The Browning X-Bolt Rifle Review
“This is my rifle the Browning X-bolt in 325 WSM, and no you can’t have it!”
I was tired and decided to hunt easy and comfortable for a change. So I drove the 6 miles from town out to the EMT Hunting Lease where I’m the El Presidente and Dictator for life. By the tracks it appeared no other members were hunting that day so I set up my Ameristep ground blind on the logging road. Since it’s legal to bait deer on private land here, I had plenty of corn lined on the side of the road.
It was a 200 yard shot all the way to the top of the hill, while most of the corn had been placed for an easy 100 yard shot. I sat back in my lawn chair and chambered a 220 grain Power Point in the 325 Winchester Short Magnum. The rifle was the elegant Browning X Bolt, and of course I had the Flagship of the line, the Medallion.
My thoughts wandered a bit to yesterday. “Yes it’s pretty and it’s my gun and you can’t have it, I told 15 year old Caleb Dickerson the new Rent-a-Kid. But you can whack a deer with it if one should show up. Well no deer showed up so we went to the club range and I let him shoot some of the guns. He didn’t like the 45-70 Buffalo Classic, but when he got his hands on the X-bolt things were different. I didn’t tell him it was a 325 WSM I just said hold it tight.
His first shot was dead on the money, and I asked him if he wanted to shoot the 243 again, of course and he laid another shot dead center, and then another. I then told him I was a bald face liar that was no 243. Caleb said, all 130 pounds of him, “I have got to get me one of these.” Well get the stainless model and it is a 325 WSM, but you can get it in 243 or anything else for that matter. Oh no I want a 325 WSM, said the kid completely unafraid of the powerful little rifle. There was no doubt he could handle the 325 and I didn’t say a word against it.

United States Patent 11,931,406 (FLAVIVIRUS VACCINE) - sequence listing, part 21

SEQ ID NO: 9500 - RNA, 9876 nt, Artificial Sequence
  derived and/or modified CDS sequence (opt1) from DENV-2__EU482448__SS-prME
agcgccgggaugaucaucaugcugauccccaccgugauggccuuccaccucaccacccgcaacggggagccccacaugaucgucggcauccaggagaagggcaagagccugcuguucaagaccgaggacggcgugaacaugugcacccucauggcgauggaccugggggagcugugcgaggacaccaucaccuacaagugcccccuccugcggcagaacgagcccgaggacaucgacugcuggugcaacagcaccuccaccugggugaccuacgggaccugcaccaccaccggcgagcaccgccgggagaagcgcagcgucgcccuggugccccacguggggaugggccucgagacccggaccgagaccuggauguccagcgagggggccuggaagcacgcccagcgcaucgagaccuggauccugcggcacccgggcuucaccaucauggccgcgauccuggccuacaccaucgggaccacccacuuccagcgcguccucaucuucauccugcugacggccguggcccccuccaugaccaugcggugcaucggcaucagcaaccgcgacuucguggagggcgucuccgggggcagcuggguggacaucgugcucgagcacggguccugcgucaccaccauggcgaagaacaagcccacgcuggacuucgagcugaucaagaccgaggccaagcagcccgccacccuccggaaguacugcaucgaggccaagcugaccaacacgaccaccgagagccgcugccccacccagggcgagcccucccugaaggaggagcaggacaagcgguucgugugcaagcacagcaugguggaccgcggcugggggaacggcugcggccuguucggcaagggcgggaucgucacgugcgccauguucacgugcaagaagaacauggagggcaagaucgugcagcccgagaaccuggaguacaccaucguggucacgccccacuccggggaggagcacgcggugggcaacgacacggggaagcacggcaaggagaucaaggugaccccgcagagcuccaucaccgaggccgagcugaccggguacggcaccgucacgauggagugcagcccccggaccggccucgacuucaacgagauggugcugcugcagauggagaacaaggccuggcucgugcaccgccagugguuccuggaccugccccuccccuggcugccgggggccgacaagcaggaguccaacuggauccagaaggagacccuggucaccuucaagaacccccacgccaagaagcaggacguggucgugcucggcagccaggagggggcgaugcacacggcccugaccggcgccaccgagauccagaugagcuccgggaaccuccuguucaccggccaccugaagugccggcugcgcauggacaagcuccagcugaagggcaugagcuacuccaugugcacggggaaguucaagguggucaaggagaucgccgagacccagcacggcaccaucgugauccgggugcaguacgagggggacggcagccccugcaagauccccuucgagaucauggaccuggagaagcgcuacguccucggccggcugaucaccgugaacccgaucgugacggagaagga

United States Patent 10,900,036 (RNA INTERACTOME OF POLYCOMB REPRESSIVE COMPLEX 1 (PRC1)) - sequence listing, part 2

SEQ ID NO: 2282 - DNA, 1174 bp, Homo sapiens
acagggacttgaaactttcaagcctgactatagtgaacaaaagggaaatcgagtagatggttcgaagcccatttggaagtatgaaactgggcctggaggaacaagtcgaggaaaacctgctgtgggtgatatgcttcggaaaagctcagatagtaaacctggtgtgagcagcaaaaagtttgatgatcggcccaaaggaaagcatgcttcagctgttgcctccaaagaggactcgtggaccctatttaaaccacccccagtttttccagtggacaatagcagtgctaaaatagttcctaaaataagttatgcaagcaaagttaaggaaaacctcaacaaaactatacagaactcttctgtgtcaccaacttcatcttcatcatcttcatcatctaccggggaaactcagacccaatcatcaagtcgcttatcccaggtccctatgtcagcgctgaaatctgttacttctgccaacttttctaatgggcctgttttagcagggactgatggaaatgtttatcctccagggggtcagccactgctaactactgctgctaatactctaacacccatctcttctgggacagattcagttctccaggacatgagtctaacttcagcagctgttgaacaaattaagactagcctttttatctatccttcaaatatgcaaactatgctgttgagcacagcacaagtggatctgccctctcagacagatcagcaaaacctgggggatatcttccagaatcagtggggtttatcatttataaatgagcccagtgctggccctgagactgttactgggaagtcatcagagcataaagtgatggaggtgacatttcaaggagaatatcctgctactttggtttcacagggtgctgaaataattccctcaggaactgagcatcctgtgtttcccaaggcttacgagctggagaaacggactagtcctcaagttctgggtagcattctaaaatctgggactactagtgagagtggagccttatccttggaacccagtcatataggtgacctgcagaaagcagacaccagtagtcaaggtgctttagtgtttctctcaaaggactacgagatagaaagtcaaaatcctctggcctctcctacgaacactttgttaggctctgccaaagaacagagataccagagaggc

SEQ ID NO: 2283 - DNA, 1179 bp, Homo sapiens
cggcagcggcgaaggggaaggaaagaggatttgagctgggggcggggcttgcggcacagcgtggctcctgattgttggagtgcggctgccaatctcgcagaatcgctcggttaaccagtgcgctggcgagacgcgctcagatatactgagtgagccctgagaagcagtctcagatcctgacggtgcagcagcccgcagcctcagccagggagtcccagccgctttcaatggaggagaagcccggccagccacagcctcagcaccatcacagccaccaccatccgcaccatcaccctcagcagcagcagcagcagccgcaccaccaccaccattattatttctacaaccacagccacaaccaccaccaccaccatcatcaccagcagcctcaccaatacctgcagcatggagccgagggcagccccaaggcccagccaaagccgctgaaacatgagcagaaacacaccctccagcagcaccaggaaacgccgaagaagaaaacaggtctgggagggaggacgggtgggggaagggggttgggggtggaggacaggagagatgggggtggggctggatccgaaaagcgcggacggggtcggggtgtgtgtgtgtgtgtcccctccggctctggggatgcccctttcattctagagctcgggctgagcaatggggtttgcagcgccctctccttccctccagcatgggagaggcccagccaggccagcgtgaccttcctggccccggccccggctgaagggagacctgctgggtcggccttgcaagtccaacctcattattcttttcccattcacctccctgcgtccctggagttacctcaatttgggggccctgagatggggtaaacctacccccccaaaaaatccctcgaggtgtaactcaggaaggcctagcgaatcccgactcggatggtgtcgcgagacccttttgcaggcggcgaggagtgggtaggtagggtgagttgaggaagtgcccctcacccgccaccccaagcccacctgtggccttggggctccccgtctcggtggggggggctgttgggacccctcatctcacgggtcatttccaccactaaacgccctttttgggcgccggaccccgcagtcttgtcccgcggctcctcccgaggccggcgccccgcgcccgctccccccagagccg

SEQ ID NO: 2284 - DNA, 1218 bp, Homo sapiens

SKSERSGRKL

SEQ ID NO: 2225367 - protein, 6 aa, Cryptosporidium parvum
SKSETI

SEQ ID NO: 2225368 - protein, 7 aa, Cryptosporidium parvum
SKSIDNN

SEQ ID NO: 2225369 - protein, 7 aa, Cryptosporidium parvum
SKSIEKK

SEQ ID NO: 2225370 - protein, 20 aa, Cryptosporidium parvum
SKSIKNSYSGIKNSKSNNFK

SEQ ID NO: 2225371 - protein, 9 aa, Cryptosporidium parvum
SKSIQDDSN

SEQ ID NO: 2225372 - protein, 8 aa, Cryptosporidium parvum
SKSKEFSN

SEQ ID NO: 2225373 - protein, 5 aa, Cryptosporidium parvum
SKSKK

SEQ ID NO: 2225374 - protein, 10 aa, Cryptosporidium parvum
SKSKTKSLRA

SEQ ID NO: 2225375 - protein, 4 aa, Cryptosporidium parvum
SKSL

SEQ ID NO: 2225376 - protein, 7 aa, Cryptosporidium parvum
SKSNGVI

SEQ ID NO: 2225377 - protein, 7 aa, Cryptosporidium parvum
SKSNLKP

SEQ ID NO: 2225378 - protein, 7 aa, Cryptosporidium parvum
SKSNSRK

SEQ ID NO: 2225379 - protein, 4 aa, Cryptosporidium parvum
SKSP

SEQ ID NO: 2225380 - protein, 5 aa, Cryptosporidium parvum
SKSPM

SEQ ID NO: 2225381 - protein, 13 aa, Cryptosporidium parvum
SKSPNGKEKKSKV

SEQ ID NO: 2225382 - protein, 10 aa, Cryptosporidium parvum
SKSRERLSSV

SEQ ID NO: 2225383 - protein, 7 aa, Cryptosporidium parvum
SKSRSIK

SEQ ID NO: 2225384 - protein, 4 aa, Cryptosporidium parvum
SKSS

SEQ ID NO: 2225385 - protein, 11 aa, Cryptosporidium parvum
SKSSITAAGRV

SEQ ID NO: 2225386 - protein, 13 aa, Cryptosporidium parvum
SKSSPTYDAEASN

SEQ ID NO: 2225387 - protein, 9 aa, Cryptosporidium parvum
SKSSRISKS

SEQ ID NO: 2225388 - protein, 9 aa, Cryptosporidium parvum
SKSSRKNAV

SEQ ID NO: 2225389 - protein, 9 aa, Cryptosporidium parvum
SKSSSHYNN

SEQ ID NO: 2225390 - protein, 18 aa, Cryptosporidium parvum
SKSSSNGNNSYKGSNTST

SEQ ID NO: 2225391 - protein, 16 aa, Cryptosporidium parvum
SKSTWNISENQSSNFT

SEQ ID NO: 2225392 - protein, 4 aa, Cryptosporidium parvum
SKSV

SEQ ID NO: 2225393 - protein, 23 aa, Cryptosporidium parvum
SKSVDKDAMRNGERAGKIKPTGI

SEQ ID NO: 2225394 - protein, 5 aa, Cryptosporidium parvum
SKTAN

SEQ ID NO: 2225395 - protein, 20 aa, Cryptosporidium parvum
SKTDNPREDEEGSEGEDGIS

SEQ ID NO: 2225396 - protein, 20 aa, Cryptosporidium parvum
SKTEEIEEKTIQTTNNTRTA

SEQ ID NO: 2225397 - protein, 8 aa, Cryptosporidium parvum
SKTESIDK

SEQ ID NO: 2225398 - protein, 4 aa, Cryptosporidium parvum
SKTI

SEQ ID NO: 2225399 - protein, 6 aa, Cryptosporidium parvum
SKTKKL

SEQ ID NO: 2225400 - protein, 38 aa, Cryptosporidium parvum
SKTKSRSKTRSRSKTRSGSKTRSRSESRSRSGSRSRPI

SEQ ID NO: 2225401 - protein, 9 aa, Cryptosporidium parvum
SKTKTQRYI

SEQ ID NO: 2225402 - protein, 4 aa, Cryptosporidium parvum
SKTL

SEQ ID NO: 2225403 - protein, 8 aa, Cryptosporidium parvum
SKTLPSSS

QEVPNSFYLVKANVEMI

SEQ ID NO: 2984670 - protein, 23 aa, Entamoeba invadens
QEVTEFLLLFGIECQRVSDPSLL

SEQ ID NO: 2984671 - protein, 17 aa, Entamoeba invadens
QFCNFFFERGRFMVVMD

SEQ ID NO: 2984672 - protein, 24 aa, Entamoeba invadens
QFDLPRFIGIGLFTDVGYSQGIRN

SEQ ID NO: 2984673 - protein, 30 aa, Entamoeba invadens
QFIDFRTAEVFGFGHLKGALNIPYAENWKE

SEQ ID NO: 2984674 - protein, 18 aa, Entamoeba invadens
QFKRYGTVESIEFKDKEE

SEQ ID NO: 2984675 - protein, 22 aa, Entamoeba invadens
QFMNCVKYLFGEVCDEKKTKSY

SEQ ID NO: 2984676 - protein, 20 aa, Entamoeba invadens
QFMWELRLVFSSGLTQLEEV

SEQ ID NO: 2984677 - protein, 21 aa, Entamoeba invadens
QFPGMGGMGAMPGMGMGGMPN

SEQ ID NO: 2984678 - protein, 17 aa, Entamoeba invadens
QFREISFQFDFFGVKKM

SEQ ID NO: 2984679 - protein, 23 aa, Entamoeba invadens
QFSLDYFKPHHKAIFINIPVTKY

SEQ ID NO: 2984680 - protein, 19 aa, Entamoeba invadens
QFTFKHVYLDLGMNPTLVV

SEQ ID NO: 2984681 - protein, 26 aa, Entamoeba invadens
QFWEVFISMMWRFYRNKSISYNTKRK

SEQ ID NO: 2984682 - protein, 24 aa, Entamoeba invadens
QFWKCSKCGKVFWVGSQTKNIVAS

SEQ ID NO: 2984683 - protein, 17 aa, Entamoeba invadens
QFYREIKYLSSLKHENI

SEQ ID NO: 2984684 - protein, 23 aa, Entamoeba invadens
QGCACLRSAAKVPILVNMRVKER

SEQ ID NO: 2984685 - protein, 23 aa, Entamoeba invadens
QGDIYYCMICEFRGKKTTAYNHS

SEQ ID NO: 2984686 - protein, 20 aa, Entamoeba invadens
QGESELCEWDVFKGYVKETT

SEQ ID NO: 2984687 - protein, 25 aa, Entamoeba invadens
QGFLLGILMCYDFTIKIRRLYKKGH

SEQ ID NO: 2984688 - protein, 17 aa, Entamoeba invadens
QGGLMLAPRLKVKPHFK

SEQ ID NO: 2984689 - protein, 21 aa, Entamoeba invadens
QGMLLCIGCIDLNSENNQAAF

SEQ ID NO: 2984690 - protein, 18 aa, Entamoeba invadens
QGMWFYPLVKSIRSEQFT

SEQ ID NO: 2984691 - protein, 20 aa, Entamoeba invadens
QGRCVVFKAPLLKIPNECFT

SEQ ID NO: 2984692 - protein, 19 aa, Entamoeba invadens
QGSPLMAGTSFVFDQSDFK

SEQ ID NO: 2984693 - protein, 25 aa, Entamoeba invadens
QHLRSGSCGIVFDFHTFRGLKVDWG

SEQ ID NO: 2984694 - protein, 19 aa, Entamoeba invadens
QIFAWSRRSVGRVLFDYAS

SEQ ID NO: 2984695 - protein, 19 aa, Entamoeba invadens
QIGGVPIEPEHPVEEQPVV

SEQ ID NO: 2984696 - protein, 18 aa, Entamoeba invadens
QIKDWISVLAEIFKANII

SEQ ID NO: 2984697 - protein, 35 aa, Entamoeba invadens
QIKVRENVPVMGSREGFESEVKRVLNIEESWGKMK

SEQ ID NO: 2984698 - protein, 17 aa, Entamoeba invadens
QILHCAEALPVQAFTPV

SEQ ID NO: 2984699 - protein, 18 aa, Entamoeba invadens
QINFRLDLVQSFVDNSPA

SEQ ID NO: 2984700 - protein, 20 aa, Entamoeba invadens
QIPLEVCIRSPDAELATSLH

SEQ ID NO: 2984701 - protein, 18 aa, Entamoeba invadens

As 4:30 PM rolled around I felt a distinct drop in temperature, and something unseen, perhaps the “Little People” told me to get ready. Moments later a really big Nanny walked out at 168 yards and started up the hill ignoring the corn. I had the Leupold Vari XII on 4 power enough for that kind of shooting. I took my time, with no intention of shooting a good meat deer in the rear end.
In a few steps she turned perfect broadside, and I gently squeezed the gold plated feather light trigger. I was bench rest solid and at the shot I did not lose sight of the deer in the scope. The gun really just doesn’t kick I don’t care what you say.
Only thing was the deer didn’t drop either. To a competitive shooter this is the most worry some part about hunting. I called that shot perfect, what happened? Well I didn’t need to worry the old doe was just one tuff deer and actually made it all the way across the logging road and into the trees about ten feet. It was a perfect shot as called.
That was my Ace shot with the Browning X-bolt, 5 shots for five deer. Is it the rifle or the cartridge? I think both. The new Browning X-Bolt rifle has got to be the most ergonomic rifle I ever picked up. To me it is a perfect fit, while everyone else that picks up the rifle seems to say the same thing. This is the first thing you notice when hefting a rifle for the first time, the sweet feel in your hands.